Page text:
Archive for February, 2010|Monthly archive page

Kindle in Higher Ed

Inside Higher Ed reports on research from US Universities that provided students with kindles. I have a memory of earlier research which was overwhelmingly negative, but the latest data seems more upbeat. Apparently:

For students who were given the Kindle DX and tried to use it for coursework, the inability to easily highlight text was the biggest lowlight of the experience.

And overall it appears that kindle has some way to go as a study aid, but works well as an ereader:

Whereas 75 percent of Darden students said they would not recommend the Kindle for other aspiring M.B.A.’s, about 90 percent said they would recommend it to family and friends for casual reading


Now that Apple has thrown down the gauntlet and embraced LCD screens, here’s Liquidvista’s colour e-ink screen. Still a demo devkit, but there’s some promise…

Paper vs e-ink vs LCD…

And the jury is still out. Despite everybody’s insistence that paper is better than e-ink which is better than LCD for reading, it seems that there is much more to the story than meets the eye (sorry!). Confession – I haven’t read the primary research, so am guilty of a farily superficial analysis, but a piece in the New York Times suggests that accepted wisdom may not be all that wise (as is almost always the case). Witness:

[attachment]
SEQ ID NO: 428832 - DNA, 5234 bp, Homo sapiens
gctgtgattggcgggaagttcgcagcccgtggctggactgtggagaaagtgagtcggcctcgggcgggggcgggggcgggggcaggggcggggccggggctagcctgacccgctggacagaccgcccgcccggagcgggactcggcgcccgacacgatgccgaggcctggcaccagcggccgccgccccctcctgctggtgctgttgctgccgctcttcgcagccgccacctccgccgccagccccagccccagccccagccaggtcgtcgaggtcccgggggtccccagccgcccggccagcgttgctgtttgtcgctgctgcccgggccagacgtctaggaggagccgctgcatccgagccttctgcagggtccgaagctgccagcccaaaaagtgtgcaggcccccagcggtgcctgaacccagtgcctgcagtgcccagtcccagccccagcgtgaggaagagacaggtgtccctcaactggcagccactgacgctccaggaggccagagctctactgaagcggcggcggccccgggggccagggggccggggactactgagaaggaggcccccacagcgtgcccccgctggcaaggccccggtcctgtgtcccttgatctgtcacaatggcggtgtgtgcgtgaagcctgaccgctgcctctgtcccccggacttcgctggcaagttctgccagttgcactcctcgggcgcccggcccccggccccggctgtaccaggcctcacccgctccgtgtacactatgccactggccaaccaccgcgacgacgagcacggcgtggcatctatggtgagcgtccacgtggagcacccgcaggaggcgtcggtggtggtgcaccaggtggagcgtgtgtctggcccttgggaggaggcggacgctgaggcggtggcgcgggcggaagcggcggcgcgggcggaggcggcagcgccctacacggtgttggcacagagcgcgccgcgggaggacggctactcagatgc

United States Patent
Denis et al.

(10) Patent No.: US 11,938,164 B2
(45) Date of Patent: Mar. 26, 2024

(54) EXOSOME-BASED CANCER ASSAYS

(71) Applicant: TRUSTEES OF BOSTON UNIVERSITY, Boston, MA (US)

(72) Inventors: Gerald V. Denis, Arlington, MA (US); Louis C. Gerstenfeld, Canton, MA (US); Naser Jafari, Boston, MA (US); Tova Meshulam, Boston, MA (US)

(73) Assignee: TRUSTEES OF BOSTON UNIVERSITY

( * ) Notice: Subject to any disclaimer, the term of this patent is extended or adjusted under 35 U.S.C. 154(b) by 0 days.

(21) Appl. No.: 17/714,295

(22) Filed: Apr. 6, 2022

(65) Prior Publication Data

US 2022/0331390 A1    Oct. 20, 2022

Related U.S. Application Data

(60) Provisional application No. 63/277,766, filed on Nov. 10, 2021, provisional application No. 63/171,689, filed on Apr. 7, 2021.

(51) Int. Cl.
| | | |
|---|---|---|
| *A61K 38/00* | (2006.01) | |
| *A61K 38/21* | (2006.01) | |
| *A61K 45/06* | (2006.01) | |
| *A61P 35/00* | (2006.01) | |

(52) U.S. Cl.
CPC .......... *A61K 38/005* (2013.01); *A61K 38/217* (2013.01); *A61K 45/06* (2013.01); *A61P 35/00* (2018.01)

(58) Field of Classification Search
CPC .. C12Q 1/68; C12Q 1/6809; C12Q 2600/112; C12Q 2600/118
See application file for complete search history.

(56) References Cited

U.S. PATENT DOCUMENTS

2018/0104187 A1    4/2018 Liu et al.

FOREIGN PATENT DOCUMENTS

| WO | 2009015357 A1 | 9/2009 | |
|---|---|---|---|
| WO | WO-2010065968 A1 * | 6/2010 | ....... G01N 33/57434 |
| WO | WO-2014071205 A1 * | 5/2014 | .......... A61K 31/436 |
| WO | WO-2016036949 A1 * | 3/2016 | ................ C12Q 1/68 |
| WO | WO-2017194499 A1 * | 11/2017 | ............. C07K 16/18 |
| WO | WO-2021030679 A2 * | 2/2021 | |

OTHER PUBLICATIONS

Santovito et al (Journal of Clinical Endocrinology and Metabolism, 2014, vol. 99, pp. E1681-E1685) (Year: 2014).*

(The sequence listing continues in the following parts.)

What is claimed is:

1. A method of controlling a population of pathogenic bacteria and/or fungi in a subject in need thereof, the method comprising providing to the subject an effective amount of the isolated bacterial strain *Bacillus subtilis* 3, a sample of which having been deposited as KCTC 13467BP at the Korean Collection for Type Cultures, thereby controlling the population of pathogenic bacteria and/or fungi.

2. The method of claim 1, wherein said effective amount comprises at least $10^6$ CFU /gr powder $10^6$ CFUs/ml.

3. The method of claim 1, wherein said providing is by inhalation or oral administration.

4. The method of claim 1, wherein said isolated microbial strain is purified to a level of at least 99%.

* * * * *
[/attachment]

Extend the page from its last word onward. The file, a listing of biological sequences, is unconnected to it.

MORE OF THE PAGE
First of all: doctors say that reading on a screen won’t cause any harm.

“Most of what our mothers told us about our eyes was wrong,” said Dr. Travis Meredith, chair of the ophthalmology department at the University of North Carolina, Chapel Hill. “Sitting close to a television, or computer screen, isn’t bad for our eyes. It’s a variety of other factors that can cause physical fatigue.”

But every seven year old kid persuading his/her parents for more screen time has always known that. As far as e-readers is concerned, here’s the rub:

Michael Bove, director of the Consumer Electronics Laboratory at the M.I.T. Media Lab, says different screens make sense for different purposes.

“It depends on the viewing circumstances, including the software and typography on the screen,” said Mr. Bove. “Right now E Ink is great in sunlight, but in certain situations, a piece of paper can be a better display than E Ink, and in dim light, an LCD display can be better than all of these technologies.”

Granted, Dr Bove is not an opthalmologist, so I’m not sure of the basis of the argument. One day I’ll dig a little deeper! In my experience though, he’s right. I prefer my iphone in the evening, when it’s fairly dark (probably because I don’t need a reading light) and on balance probably like my Sony a little better on a lazy Saturday afternoon on the sofa. Watching my other half (not) use her kindle, it’s pretty clear that both are good enough for reading ‘long-form-texts’. And it’s availability of content, not screen technology that’s currently driving usage. At least at my place 🙂

it disappears…

I posted about invisibility a couple of weeks ago. It seems that David Carr from the New York Times gets it too. In a PBS chat about the iPad, he makes the following point:

On the iPad: “One thing you have to understand about this gadget is that the gadget disappears pretty quickly. You’re looking into pure software.”

And as the app store has shown us, the only limit to the software appears to be our own imaginations…

(via Daring Fireball)

Now he’s convinced…

There’s been lots of nonsense on the web in the last week or so about whether the iPad will fly – and I’ll add to the hubbub shortly, but for the moment, here’s a link sent to me by a sceptical friend with the words “now I’m convinced…”

Kindle Thoughts